On May 2, 2011 a team of Navy SEALs raided Osama bin Laden’s Abbottabad compound, killing the Al-Qaeda leader nearly 10 years after the September 11 attacks. Americans poured into the streets to celebrate what was widely seen as long-awaited justice — any questions were lost in the jubilation. What led to the decision to kill bin Laden? What did his death really mean 10 years later? What was the future of Al-Qaeda and the War on Terror?
On June 22, 2012 Peter Bergen sat down with Brian Fishman to discuss his ground-breaking research for his latest book, Manhunt: The Ten-Year Search for Bin Laden from 9/11 to Abbottabad.
A lot was riding on the mission to kill bin Laden, Bergen said, noting Vice President Biden was concerned about the U.S. Embassy in Islamabad being overrun following a strike. The administration also received conflicting advice from military officials on the nature and suitability of a raid.
The weight of history also weighed heavily on the president’s decision. “Jimmy Carter did make this decision, and it made him a one-term president,” Bergen said.
In the end, President Obama sent back a military plan, saying the operation needed to be larger to account for accidents if the mission were to go awry. And while something did indeed go wrong — one of the helicopters malfunctioned and went down — Bin Laden was killed.
As for the relevance of bin Laden at the time of his death, Bergen says the answer is clear.
At the end of his life, Bergen describes bin Laden as living a Spartan life that was far from the “spectacular martyrdom at Tora Bora” he would have wanted. Even though Al-Qaeda’s influence was greatly diminished by 2011, Bergen stated that bin Laden’s significance was such that it would be impossible to end the War on Terror without his death.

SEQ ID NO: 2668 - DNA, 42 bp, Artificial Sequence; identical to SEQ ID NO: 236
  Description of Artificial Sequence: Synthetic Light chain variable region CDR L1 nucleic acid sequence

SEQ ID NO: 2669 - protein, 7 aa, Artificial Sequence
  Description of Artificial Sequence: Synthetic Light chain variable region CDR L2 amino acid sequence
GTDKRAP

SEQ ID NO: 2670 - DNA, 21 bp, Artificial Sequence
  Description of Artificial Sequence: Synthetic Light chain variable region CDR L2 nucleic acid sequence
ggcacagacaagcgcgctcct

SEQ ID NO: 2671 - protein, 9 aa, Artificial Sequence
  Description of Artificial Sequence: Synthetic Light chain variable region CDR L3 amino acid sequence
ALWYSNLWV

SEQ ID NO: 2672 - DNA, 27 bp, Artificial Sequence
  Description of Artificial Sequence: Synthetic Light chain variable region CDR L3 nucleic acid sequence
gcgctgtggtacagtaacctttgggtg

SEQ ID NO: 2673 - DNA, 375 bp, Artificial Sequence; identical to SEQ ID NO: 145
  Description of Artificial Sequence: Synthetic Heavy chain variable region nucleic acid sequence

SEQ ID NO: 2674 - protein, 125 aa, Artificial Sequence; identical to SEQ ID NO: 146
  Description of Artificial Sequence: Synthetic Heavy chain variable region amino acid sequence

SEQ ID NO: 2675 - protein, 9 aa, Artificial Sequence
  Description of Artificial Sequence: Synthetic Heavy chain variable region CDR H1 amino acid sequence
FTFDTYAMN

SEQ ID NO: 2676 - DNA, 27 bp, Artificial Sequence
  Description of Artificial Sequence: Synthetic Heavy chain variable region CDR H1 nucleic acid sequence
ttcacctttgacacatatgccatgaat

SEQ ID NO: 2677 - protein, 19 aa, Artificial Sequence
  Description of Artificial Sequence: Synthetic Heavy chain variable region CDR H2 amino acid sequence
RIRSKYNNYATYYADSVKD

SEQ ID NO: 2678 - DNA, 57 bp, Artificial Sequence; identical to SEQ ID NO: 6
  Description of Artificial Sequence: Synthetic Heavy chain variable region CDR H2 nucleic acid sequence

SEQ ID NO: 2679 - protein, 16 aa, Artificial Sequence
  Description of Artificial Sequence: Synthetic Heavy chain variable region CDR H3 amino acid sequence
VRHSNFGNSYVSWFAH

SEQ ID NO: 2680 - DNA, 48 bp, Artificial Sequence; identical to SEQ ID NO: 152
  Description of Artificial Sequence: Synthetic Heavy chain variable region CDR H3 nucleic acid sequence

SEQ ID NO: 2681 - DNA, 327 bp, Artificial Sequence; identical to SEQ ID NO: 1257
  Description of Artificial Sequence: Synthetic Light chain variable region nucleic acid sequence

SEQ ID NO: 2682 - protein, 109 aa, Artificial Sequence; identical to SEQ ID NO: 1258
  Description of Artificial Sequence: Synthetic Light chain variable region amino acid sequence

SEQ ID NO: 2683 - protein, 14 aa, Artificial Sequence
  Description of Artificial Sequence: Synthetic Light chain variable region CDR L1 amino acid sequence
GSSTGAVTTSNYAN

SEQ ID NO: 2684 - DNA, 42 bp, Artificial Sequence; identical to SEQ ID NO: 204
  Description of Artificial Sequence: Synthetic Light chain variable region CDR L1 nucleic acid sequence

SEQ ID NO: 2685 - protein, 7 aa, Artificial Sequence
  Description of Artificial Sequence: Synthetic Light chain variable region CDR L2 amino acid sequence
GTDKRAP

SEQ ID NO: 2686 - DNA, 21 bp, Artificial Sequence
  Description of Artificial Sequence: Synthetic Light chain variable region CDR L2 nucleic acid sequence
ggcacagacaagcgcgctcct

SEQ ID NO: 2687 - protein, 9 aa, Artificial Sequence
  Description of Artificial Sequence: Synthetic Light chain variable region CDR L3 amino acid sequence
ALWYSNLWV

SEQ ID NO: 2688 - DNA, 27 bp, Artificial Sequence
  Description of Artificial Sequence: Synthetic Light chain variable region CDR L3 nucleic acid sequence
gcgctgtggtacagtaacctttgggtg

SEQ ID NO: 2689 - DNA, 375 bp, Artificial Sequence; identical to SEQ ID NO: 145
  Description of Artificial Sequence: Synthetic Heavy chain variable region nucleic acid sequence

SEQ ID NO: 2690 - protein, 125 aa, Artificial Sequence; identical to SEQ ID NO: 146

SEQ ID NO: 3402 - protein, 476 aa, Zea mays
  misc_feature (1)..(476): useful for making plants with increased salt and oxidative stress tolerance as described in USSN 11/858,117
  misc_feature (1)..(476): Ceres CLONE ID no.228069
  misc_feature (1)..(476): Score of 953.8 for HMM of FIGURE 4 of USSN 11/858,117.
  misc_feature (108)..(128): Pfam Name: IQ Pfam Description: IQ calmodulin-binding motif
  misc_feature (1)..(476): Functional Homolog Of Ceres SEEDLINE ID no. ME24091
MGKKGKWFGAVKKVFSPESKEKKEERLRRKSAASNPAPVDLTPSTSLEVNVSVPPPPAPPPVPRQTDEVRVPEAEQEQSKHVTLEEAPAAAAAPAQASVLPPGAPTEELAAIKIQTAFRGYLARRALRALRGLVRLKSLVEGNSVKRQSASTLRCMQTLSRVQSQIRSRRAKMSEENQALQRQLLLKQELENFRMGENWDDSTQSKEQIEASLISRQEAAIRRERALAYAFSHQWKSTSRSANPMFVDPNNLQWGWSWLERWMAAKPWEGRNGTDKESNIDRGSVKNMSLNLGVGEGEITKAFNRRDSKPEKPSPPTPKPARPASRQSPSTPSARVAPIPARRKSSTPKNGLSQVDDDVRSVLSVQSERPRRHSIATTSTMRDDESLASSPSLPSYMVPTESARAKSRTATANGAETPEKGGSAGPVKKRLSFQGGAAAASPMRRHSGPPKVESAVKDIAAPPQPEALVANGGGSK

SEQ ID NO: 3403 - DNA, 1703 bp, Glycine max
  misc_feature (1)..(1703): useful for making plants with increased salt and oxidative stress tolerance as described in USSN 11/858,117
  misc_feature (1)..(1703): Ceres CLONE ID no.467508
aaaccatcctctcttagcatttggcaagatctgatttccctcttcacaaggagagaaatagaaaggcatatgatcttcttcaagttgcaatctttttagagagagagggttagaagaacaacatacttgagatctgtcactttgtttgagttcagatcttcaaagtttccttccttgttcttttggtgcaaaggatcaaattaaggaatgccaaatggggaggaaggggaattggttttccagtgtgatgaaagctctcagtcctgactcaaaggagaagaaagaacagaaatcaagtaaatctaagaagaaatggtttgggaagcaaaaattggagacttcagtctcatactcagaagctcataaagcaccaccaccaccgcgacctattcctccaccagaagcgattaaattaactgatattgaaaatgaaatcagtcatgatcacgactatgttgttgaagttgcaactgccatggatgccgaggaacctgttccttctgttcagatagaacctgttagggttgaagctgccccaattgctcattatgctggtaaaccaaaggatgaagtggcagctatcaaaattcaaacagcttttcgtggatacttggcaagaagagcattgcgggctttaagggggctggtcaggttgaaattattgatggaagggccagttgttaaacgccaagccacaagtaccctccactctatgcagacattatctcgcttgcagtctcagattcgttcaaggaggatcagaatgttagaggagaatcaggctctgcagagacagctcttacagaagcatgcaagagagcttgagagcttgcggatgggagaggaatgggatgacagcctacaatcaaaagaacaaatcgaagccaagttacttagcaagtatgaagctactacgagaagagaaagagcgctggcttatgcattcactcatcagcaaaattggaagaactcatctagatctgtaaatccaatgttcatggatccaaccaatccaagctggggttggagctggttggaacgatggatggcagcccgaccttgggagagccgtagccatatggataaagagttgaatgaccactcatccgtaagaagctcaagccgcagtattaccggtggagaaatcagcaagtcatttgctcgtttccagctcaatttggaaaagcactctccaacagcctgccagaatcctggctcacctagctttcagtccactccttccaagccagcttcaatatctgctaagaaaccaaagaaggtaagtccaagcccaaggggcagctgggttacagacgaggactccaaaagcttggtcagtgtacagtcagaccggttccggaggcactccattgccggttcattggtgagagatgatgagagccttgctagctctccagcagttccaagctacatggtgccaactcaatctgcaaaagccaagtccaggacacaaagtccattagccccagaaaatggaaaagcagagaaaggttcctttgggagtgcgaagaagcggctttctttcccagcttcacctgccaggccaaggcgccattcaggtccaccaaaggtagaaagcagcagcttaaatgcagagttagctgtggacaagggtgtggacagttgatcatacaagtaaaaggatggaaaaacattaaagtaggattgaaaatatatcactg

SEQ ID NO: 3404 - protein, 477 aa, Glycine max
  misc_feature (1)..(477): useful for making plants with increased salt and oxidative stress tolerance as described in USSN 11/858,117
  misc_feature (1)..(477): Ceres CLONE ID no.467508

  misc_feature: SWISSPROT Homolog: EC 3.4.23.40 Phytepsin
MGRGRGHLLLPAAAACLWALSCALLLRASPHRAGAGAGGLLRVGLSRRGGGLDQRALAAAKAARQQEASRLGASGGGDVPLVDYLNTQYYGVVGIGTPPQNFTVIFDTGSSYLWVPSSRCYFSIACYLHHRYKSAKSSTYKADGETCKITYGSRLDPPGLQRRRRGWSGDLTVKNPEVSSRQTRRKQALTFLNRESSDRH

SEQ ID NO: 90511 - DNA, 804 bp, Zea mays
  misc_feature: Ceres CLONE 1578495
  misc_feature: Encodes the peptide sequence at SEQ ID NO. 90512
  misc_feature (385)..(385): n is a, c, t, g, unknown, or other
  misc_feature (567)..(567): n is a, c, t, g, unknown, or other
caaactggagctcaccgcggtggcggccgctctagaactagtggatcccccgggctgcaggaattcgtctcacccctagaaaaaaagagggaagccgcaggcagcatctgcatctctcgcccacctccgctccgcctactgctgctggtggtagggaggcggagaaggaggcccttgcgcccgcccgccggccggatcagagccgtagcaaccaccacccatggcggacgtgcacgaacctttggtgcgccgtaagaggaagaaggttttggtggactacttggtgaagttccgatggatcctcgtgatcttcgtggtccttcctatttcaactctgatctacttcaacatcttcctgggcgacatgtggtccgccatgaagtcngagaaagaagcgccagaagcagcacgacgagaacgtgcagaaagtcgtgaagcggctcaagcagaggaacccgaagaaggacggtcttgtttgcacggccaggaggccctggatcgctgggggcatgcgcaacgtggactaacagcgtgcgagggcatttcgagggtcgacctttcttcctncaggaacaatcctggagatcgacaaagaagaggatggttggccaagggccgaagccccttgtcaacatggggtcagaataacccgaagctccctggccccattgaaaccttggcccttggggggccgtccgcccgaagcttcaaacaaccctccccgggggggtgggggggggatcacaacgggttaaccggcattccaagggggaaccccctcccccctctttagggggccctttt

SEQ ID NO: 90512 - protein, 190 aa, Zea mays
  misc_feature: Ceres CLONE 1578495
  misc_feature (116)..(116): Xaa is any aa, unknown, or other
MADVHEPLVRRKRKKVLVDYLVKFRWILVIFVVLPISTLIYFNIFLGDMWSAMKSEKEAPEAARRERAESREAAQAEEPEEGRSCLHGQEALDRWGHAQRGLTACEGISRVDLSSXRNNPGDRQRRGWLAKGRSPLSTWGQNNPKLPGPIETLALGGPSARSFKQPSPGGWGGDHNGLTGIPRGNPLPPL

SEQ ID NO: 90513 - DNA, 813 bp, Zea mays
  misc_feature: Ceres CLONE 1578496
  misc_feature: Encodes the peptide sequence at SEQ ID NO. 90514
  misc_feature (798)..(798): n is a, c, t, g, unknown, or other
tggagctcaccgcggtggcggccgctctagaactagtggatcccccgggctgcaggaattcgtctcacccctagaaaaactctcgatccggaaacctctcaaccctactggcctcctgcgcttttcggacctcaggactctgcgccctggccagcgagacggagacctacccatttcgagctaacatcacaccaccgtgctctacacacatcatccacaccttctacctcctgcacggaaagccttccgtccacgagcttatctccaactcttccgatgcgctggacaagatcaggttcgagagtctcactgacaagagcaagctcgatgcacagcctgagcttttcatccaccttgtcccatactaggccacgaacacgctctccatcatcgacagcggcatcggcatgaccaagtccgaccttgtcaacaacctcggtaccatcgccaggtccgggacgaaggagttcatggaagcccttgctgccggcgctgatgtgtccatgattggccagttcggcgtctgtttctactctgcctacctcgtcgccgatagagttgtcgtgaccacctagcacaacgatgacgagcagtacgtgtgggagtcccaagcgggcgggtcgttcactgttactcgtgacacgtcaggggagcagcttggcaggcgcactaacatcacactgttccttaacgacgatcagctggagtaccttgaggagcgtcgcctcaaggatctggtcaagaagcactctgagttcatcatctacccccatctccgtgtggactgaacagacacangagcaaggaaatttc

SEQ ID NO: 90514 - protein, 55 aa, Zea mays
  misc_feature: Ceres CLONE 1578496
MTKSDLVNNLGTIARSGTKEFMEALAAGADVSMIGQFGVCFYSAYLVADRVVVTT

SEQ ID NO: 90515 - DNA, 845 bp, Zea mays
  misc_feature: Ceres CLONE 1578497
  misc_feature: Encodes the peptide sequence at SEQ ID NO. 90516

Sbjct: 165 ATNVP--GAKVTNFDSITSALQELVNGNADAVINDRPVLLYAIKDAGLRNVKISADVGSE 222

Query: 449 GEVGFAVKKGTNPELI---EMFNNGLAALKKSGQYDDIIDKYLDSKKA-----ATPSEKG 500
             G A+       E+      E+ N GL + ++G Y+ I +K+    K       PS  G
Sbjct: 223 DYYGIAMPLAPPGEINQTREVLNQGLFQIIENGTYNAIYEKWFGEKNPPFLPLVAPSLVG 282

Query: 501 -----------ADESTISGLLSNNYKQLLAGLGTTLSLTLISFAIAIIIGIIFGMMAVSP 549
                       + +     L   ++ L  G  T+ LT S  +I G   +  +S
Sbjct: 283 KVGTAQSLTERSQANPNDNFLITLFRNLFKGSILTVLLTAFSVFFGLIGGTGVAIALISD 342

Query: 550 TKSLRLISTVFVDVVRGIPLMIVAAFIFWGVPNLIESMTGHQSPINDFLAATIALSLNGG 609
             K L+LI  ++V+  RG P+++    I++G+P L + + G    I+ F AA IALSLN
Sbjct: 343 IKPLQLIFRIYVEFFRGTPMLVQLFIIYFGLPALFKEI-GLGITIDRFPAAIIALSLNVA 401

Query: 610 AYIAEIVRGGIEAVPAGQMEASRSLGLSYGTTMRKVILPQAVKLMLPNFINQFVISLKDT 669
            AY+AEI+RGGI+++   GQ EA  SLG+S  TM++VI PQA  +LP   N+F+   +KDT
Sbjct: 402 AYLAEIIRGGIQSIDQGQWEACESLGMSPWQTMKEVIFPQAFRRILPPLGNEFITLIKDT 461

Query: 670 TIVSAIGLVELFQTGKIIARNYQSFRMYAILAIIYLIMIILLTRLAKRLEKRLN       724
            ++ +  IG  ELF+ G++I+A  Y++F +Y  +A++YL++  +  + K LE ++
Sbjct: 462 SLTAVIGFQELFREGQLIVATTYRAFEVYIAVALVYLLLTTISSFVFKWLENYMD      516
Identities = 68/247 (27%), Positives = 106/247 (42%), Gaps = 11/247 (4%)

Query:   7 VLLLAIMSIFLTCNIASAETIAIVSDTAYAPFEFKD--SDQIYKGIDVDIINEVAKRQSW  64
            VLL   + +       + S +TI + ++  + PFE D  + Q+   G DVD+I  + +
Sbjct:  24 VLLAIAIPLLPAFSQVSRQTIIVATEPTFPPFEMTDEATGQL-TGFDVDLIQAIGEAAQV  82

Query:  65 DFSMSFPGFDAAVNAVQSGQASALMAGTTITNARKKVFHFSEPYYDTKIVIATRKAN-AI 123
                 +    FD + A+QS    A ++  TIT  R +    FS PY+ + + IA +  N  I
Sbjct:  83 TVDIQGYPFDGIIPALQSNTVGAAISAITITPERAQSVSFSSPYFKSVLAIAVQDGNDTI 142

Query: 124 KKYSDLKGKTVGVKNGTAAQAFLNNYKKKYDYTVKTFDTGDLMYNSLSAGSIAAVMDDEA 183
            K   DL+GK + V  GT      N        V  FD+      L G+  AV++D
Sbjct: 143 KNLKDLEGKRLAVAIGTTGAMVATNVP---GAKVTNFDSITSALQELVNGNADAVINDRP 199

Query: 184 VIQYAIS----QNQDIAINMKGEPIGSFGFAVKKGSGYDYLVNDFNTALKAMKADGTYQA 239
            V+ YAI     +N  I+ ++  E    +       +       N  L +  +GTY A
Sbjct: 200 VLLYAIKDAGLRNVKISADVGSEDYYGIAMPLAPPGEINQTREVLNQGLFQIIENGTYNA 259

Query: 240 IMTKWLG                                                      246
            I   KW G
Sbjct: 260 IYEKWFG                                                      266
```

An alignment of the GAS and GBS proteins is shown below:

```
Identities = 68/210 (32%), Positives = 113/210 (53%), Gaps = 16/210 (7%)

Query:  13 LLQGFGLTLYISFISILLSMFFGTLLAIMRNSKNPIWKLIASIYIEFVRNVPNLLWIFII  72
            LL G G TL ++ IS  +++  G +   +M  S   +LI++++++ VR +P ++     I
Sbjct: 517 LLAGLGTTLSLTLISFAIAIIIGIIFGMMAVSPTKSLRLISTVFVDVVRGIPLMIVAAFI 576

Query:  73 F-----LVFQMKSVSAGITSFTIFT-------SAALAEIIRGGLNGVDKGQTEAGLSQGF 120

Bin Laden’s death was such a pivotal point in the Obama administration that the raid had to be carried out seamlessly. The drone strikes that would go on to kill so many Al-Qaeda leaders in the following months were not an option.
Turning to the role of drones in U.S. military strategy, Bergen said, “nearly 60 countries have drones. We are creating a lot of bad precedents that China or Russia may cite when they can arm their drones in two to three years.” Bergen also called for more discretion in American drone strikes, particularly in Pakistan where nearly 2,000 people have been killed by an unmanned drone campaign to sweep the vestiges of Al-Qaeda out of the region.
Although Al-Qaeda’s death knell was sounding long before bin Laden’s death, Bergen wouldn’t “recommend a precipitous withdrawal from the region.”
Whether the United States continues to attempt to improve relations with Pakistan while carrying on a drone program in its airspace, or whether an American president once again takes up the mantle of Middle East peace, it is clear U.S. involvement in the region is far from over.
— By Lauren Glass